Uh oh. Hopefully this doesn't become a distraction, but now I can't resist commenting.

    In addition to admiring Spielberg, I admire Liam Neeson and Ben Kinsley as actors. I also admire what Schindler did in real life. But I didn't like the movie. Spielberg seemed to have a disturbing preoccupation with shooting people in the head. It became a distraction. At one point I was thinking, "Oh, please, not again," and I started to get bored. I couldn't finish watching it. Then, the whole thing with the red coat in a B&W film just seemed pretentious and ill-suited to the structure of the rest of the film.

    I usually write speculative stories. I like character-driven stories rather than plot-driven, and I like to explore subtle situations in which the MC is pressured by society to concede personal mores. I want the reader to start off thinking, "What's the big deal? Why does this matter to him?" The story then explores the consequences, and hopefully the reader will eventually say, "Ah! I get it!"

    So, I've worked hard to develop story settings and structures that embody a Christian worldview - specifically a Lutheran worldview. It's actually very difficult. For example, I prefer Tolkien to Lewis. In Lord of the Rings people wrinkle their brow and ask, "This was written by a Christian?" In Narnia they say, "Well, that was blatant." Again, I prefer Tolkien. The danger with that subtle approach is directors like Peter Jackson. In the first film (Fellowship of the Ring) I could still see Tolkien's vision and message. By the 3rd Hobbit film it had been completely obliterated. I had trouble watching that one to the end as well.

    That's a high-level summary. I don't know if you were interested in a more in-depth discussion of the themes I write about or if you wanted a synopsis of an actual plot from a specific story.

    What do you like to write?
     
  10. brinny

    brinny everlovin' shiner of light in dark places Supporter

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    If you didn't watch the complete movie (Schindler's List), i'm not certain how you can actually comment on it.

    The little girl in the red coat, was a poignant part of what kept me glued to the screen.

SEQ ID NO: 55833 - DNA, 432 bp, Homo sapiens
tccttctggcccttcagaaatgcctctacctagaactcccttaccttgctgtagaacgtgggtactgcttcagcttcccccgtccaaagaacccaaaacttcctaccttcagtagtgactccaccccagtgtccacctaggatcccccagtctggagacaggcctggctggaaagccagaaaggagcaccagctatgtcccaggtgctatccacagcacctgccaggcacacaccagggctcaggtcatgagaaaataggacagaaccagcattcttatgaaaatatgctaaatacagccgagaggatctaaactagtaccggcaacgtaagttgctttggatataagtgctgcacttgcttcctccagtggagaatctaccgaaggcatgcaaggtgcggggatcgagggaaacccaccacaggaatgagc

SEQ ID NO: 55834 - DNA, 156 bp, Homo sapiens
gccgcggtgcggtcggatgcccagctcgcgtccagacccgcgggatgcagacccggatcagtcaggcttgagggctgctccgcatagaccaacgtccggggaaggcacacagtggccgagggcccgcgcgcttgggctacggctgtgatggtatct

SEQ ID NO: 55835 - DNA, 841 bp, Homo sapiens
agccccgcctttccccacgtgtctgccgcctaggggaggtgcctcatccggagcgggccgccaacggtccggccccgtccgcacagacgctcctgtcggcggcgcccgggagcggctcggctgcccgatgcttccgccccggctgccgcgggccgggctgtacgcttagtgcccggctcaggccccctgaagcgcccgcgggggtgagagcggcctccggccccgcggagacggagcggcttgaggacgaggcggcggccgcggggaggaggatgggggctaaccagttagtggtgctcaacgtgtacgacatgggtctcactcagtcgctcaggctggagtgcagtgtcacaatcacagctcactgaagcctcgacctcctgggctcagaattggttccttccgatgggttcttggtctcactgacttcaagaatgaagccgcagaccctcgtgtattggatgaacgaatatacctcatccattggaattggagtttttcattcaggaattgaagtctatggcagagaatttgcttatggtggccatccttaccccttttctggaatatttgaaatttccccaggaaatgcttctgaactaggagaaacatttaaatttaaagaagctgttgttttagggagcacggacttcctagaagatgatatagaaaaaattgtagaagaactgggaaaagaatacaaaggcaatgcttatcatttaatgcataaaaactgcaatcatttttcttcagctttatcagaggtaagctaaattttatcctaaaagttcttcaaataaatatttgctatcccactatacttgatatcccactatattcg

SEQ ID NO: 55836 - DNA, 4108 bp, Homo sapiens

In addition, it was Schindler's face and expression, indicating his very soul, when he saw the little girl in the red coat, and then saw her later.

    The end of the movie was powerful.

    Steven Spielberg was a courageous and out of the box director, to direct this phenomenal film.

    I write rants, thoughts on Bible books, and random nonsense'es, mostly.
     
  11. Resha Caner

    Resha Caner Expert Fool

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    I saw the majority of it.

    Also, I used to be a slush reader. I got to a place where I could spot a bad story in the first paragraph. Every now and then I would feel guilty about quick decisions, so I would read to the end. Not once did that change my opinion. I talked to other editors, and all of them did the same thing.

    "Bad" is different than a difference in style or a misunderstanding. I can name 2 films I didn't like because they confused me (2001 and 8 1/2). But I dug into it more, and once I understood them I could appreciate what they were doing.

    You mean nonfiction? So do you write scripts? My history has been writing prose, but recently I've developed an interest in scriptwriting.
     
  12. brinny

    brinny everlovin' shiner of light in dark places Supporter

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    It's a looooong movie, but well worth it. The ending is priceless.

    I don't write scripts, just thoughts from me head.....i gots ta share me weird-ness-es :p